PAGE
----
Wisconsin has been responsible for so many good things—beer, cheese, the Violent Femmes—that it’s difficult to believe that two of the most gruesome and disturbing serial killers in American history were from America’s Dairyland.
First up, Ed Gein. Hailing from Plainfield, WI, he was devoted to his mother. After her death, he began robbing graves, practicing necrophilia and experimenting with human taxidermy. He made bowls from skulls, chair seats from human skin, kept body parts as trophies, and created female skin suits. Soon after, Gein turned to murder. When police went to Gein’s farm to investigate a woman’s disappearance in 1957, they uncovered some of the most grotesque crimes ever committed. Gein inspired such film characters as Norman Bates (Psycho), Buffalo Bill (Silence of the Lambs) and Leatherface (Texas Chainsaw Massacre).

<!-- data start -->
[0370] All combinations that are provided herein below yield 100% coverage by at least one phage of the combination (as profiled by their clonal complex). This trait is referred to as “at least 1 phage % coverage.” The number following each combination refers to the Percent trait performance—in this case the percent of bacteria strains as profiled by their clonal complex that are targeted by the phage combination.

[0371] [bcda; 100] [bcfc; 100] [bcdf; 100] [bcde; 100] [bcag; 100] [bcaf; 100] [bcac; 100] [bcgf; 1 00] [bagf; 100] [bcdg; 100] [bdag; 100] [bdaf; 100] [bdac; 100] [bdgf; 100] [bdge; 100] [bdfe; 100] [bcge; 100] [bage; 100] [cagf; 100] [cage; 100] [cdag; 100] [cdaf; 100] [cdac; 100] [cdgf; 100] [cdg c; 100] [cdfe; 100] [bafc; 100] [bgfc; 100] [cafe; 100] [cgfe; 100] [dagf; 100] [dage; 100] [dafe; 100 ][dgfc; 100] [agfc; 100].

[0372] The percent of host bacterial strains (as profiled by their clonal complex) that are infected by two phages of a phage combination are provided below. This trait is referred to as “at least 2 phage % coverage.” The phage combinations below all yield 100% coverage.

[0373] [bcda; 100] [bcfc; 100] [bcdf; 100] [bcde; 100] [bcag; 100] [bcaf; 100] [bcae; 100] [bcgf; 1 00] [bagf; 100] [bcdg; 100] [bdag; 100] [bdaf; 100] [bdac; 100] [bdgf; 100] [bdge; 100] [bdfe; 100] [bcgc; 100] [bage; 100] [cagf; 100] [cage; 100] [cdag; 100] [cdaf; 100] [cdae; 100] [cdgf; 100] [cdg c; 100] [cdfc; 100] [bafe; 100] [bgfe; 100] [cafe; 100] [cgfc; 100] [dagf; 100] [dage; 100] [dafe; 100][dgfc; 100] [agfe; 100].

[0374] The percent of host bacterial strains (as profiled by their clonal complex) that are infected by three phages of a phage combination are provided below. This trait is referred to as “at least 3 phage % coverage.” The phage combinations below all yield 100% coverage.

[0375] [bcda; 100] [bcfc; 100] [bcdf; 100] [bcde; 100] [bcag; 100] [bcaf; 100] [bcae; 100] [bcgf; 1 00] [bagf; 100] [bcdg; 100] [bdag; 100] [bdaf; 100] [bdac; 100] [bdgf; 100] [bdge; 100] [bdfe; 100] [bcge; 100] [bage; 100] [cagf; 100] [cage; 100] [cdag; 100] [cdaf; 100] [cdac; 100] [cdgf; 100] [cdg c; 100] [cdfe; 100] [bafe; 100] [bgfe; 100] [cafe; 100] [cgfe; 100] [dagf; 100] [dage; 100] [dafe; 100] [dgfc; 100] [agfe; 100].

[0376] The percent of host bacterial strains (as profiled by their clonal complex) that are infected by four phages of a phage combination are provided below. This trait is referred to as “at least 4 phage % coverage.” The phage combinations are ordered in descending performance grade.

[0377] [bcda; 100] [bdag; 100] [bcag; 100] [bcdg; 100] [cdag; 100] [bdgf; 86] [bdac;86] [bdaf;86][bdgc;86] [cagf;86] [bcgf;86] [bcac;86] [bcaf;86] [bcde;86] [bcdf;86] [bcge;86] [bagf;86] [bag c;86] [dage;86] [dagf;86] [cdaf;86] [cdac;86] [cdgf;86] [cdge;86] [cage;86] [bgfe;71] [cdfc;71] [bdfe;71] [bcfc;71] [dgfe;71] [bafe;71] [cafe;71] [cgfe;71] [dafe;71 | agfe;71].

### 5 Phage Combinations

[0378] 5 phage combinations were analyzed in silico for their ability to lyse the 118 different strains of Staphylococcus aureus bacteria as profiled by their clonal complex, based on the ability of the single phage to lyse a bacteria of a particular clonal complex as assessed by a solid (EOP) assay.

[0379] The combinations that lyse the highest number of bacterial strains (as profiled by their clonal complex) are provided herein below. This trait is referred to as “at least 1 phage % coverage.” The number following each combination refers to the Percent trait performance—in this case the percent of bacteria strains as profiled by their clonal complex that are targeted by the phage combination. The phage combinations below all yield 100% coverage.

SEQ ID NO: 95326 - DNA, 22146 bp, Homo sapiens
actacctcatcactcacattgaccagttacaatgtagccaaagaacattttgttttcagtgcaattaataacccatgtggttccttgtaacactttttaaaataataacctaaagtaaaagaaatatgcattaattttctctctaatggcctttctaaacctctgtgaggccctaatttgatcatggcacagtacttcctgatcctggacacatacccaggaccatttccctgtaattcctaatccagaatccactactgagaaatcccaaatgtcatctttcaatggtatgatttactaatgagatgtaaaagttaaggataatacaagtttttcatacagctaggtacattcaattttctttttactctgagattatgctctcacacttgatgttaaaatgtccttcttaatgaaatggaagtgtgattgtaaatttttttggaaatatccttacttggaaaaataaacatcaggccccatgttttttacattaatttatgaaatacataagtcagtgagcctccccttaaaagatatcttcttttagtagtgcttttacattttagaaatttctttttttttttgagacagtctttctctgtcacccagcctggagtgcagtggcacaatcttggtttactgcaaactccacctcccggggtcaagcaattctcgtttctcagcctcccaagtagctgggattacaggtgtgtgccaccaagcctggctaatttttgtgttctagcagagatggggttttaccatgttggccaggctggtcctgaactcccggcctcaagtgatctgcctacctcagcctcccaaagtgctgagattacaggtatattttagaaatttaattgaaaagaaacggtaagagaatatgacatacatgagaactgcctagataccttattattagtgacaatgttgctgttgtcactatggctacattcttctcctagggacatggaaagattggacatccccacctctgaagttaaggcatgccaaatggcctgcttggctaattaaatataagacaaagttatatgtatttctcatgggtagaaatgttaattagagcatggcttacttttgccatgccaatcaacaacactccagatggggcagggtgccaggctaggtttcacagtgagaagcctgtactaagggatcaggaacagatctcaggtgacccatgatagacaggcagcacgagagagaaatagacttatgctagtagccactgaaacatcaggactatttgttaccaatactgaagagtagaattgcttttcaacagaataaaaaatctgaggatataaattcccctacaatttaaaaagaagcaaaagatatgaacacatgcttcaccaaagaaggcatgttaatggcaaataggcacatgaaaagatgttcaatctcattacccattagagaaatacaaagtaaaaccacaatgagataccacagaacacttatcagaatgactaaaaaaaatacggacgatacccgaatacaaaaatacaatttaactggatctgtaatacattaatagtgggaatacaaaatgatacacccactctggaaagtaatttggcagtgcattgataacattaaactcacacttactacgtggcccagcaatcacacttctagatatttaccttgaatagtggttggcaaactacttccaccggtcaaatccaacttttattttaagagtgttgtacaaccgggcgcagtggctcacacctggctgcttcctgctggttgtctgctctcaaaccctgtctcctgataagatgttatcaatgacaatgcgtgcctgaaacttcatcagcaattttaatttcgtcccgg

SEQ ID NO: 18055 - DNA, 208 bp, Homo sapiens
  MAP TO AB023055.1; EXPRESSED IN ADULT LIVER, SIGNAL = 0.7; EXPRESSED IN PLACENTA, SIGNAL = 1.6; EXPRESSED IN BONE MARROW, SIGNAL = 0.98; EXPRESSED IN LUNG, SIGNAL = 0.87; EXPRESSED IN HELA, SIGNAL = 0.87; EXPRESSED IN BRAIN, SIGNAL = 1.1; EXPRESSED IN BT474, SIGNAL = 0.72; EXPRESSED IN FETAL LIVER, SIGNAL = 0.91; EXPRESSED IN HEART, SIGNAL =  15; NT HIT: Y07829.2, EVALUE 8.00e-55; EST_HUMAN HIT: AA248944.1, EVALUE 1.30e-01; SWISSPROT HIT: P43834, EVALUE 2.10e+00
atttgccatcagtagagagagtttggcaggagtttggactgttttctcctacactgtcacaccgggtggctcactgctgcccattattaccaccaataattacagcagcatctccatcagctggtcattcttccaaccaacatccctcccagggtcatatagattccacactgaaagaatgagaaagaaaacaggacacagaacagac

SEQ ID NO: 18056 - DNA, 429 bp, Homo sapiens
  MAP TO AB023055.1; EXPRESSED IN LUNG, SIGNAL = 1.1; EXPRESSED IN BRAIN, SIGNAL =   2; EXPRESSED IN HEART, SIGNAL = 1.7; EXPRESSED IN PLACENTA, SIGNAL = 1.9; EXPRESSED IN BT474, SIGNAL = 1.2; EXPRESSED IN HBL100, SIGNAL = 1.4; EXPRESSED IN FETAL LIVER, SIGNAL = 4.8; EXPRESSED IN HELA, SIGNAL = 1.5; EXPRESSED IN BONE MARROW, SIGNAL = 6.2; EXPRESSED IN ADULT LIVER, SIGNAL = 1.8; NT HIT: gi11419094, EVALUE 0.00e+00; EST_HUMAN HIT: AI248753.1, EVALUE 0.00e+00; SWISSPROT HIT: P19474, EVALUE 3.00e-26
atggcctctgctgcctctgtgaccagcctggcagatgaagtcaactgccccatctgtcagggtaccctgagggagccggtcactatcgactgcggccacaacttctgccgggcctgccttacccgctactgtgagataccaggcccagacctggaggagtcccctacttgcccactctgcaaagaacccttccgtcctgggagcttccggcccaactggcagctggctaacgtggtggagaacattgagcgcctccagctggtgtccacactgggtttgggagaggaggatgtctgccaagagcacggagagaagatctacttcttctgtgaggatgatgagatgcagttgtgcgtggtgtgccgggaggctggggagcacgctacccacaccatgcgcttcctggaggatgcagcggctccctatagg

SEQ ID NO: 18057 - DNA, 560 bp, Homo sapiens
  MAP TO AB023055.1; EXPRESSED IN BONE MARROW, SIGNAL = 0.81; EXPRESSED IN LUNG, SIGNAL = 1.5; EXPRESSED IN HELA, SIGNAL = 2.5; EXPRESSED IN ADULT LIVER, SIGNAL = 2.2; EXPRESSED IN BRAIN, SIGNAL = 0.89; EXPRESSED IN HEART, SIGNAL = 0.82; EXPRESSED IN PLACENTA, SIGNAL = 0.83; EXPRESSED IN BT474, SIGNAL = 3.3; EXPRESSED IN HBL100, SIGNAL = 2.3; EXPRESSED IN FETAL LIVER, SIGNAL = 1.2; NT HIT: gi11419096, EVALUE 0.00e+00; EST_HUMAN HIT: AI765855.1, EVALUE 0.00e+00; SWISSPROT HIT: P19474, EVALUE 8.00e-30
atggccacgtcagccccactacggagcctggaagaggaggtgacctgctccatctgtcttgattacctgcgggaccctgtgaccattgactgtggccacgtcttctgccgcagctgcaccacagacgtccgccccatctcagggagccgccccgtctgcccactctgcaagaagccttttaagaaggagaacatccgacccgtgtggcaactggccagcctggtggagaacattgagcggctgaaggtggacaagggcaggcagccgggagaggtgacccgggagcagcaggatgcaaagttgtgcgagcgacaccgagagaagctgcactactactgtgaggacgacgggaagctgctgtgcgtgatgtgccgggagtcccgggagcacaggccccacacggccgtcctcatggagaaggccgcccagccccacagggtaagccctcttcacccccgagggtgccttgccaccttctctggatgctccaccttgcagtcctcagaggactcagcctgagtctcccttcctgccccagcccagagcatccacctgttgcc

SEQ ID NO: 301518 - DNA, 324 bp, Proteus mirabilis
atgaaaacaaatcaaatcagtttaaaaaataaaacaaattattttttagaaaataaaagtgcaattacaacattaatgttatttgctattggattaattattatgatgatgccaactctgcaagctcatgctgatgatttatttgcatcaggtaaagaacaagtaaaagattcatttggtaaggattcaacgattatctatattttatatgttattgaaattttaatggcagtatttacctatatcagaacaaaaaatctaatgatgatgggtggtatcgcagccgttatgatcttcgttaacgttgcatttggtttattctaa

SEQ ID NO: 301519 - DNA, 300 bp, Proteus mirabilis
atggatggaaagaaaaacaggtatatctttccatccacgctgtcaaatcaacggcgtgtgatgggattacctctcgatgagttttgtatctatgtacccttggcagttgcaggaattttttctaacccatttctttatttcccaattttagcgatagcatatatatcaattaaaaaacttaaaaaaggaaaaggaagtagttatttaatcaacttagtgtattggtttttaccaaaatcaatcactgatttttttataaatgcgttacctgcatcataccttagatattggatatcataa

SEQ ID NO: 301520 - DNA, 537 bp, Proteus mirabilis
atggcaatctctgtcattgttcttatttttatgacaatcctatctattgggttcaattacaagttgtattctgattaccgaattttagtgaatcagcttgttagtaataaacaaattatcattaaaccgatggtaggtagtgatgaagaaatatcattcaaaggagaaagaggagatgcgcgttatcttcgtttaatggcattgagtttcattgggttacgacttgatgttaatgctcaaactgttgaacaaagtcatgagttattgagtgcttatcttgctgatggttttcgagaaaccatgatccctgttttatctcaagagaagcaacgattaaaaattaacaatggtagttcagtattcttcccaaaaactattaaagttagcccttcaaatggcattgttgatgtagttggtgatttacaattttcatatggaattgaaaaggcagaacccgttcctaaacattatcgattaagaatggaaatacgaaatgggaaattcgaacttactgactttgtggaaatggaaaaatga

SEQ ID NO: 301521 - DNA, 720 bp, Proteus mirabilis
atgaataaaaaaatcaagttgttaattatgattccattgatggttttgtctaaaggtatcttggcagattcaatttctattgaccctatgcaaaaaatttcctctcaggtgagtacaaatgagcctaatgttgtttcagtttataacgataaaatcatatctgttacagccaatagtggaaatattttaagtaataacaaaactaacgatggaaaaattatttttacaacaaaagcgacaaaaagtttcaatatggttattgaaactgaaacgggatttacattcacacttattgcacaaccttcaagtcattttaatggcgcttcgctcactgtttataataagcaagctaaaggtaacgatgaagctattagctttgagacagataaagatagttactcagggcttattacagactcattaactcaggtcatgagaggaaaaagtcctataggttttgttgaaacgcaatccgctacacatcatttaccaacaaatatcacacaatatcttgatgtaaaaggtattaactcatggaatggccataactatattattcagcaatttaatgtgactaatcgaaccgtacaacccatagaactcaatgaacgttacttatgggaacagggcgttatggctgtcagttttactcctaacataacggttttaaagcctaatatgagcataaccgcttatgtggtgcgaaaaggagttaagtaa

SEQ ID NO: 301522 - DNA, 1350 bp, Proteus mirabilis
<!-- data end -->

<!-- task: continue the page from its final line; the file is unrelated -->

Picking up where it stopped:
Next is Milwaukee’s own Jeffrey Dahmer. One of the worst serial killers in American history. Between 1978 and 1991, Dahmer killed 17 men, mostly young African-Americans that he met at gay bars. He would bring them home to his grandmother’s basement where he would drug them, strangle them to death, molest the corpses, and then dismember the bodies. Dahmer also kept body parts as souvenirs and often took photos of each victim at various stages of the murder process, so he could later relive the experience. Dahmer was finally caught in 1991 and sentenced to 15 life terms in 1992.
Melody Sorenson – Milwaukee, WI
“I’ve always been interested in the horror cult graphic style. I am drawn to the grunge and color palettes and I’ve always been envious of illustrators who were able to capture a heavy mood in such a small space. I was interested in illustrating this topic because it was a subject matter that I have never tried to illustrate before. I am usually illustrating rather bright and friendly subjects, so I was excited at the opportunity to try my hand at a new, darker style and subject matter. Also, it’s not every day someone asks you to illustrate some infamously creepy Wisconsinites.”